Once a problem has been clearly defined, the next logical step is to find the best possible solution, and then implement that solution. This is just as true for economics as it is with politics.
In the economic field, the Philippines remains a relatively difficult place to do business, as has been pointed out time and again in the pages of this paper.
Bureaucratic red tape remains a problem for foreign companies wishing to do business in the Philippines. While there have been serious attempts by both the national as well as the local government units to make setting up local operations easier, there remain roadblocks in so many areas.
The Aquino administration has three more years left before it becomes history. This should be more than enough time to correct the ills that prevent the country from becoming the true darling of global investors.
Perhaps little can be done to alter the Constitution to allow greater foreign ownership of real property, which is one of the weaknesses cited by global players as the reason they prefer to do business elsewhere. But streamlining the steps needed to set up Philippine operations is certainly something that the Aquino administration is capable of achieving before 2016.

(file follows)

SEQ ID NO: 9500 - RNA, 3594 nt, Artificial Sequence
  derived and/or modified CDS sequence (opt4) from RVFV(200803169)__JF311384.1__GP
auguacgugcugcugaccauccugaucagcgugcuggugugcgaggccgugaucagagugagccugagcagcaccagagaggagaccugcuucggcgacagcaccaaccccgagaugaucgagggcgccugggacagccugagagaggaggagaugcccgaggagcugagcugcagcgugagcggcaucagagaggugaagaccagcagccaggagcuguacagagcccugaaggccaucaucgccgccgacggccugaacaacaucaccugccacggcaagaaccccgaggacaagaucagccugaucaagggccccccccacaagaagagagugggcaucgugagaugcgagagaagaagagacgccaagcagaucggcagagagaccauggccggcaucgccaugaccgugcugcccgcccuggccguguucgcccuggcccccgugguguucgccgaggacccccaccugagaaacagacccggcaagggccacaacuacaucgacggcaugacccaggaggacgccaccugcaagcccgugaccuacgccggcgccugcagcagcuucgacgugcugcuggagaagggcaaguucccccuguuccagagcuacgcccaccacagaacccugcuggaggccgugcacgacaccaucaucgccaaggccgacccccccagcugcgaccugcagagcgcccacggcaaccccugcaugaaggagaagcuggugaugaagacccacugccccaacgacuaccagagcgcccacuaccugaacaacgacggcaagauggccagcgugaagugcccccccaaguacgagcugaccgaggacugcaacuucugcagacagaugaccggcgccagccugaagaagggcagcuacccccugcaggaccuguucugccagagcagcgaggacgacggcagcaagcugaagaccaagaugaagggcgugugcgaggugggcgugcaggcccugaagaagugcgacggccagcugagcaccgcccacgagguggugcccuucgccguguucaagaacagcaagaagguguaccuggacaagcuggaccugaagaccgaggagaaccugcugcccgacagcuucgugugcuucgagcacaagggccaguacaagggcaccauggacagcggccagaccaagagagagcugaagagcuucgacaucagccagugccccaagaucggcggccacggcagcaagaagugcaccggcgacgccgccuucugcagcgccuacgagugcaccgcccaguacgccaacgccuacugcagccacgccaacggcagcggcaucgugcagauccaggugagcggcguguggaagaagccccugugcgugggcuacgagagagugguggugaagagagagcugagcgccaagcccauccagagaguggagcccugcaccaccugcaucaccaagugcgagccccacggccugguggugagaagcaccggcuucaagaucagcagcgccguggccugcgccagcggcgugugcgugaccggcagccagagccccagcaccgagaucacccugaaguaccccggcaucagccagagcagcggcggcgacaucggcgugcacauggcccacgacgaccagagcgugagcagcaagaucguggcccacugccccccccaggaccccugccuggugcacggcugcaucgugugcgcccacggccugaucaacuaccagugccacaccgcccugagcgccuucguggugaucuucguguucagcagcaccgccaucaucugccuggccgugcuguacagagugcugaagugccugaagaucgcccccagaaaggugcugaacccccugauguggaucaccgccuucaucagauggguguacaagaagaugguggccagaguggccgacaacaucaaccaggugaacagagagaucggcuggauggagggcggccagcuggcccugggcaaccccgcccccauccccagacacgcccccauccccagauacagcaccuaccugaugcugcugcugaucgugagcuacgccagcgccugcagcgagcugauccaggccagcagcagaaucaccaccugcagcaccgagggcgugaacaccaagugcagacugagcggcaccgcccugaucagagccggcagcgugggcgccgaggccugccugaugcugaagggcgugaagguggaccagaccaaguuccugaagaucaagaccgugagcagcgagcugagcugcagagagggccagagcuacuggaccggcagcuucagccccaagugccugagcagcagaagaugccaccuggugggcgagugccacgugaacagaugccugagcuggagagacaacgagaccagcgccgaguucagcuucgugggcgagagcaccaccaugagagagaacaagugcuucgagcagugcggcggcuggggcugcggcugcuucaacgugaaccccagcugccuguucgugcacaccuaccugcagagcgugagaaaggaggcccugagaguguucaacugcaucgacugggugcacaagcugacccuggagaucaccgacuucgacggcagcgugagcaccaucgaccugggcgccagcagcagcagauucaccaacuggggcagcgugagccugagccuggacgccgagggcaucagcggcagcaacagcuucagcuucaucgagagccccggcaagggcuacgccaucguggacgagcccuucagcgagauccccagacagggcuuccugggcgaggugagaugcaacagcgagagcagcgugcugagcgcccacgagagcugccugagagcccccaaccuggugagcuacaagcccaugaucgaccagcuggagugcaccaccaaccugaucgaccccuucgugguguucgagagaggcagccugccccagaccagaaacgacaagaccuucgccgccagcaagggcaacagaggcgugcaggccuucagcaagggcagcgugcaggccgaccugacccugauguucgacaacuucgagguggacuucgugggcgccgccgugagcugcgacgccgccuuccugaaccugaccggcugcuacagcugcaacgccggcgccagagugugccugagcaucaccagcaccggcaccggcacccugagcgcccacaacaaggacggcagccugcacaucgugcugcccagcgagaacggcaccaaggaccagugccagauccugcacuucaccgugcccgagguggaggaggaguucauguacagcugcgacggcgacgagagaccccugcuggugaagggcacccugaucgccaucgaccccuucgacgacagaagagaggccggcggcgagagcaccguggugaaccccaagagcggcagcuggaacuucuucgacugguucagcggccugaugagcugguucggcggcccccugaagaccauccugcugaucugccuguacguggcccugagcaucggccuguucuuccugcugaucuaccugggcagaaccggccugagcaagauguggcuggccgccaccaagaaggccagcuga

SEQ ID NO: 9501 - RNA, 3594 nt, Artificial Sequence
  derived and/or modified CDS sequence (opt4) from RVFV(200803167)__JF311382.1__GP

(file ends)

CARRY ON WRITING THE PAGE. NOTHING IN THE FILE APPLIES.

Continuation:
The President likes to harp about how the country is doing so well economically. We do not disagree. But we see that there is still room for improvement, meaningful improvement.
We want Mr. Aquino to succeed because his success will redound to the good of the Filipino people.